Building a Vibrant Community During Difficult Circumstances

By | Tagged: Life

This article was written for the 2009 Why Be Jewish Gathering: Renaissance in a Time of Ration, a project of The Samuel Bronfman Foundation’s Bronfman Vision Forum.

Rachel-portrait-43a_1.jpg Three years ago, I launched an organization called Kavana, a cooperative, non-denominational Jewish community located in Seattle.  My decision as a young rabbi to explore this untested path in the Jewish world would not have been possible without the support and encouragement of a retired 36-year-old former Microsoft employee.  In her, I found a true visioning partner – someone who brought excitement, ideas, energy, passion, and the financial resources necessary to get this off the ground.

Together, we dreamed of building a new communal model – one that was intimate and local, that focused on intentionality and offered a personalized approach to Jewish involvement, and that called on “partners†in the co-op to play active roles in creating Jewish life for themselves and for the group.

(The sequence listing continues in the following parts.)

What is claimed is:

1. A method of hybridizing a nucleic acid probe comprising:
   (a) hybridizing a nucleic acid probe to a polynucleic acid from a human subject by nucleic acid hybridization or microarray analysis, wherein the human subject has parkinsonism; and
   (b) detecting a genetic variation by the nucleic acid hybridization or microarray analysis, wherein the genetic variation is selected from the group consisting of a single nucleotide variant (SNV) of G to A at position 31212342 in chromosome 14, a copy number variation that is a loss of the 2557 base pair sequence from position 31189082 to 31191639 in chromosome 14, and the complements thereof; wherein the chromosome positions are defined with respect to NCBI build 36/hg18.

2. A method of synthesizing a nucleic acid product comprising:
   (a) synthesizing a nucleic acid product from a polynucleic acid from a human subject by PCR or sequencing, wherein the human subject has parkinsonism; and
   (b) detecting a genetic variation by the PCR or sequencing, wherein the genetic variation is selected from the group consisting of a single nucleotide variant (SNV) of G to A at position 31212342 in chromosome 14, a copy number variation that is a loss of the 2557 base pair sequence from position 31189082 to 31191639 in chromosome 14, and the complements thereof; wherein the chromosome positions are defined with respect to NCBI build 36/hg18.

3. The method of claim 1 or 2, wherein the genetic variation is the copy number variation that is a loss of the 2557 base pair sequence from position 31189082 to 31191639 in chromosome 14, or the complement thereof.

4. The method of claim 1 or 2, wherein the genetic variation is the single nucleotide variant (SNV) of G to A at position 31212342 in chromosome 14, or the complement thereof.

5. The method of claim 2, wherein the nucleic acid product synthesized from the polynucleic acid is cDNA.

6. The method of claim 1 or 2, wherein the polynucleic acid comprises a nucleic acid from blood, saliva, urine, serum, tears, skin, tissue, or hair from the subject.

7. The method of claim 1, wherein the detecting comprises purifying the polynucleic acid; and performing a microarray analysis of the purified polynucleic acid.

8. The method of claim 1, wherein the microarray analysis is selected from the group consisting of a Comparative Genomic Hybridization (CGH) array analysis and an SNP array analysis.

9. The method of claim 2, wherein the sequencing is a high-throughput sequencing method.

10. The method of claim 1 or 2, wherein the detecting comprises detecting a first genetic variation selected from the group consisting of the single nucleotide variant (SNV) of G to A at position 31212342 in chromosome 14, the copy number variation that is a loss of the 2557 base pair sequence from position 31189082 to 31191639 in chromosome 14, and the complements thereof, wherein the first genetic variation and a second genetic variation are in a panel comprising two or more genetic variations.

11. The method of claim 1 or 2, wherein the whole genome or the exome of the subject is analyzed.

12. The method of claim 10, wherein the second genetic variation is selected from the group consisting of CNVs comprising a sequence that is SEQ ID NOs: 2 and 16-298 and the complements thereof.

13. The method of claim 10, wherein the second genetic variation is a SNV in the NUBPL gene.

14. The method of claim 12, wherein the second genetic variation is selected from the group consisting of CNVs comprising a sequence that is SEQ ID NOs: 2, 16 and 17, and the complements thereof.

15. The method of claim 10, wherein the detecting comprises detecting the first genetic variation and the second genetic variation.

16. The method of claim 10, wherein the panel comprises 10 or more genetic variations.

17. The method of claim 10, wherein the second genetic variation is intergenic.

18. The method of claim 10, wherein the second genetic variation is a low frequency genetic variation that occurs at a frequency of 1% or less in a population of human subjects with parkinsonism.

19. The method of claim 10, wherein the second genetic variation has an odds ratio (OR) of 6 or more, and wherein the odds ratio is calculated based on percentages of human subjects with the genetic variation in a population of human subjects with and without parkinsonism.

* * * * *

And then this past December, the same individual – with whom I’d had so much fun over the last three years brainstorming, writing a business plan for Kavana, recruiting a launch team, and beginning to bring our dreams to fruition in Seattle – walked into my office and asked, “Do you know the name Bernie Madoff?â€

And boom, the bottom fell out.

In thinking about the theme of building community during these difficult economic times, I find great inspiration in the Torah’s narrative of revelation.  In reading Parashat Yitro this year, I watched with interest as Moses ascended a Mount Sinai that was trembling with thunder and lightning while God descended upon mountain for the encounter of revelation.  I’ve been wondering how Moses must have felt in those moments on the mountain with God.  I suspect he felt that he had achieved precisely what he had set out to achieve when he left Egypt.  I imagine this as a moment of great excitement and visioning – with Moses dreaming about what the world could look like, now that God and Israel were to be permanently aligned, with electric sparks flying.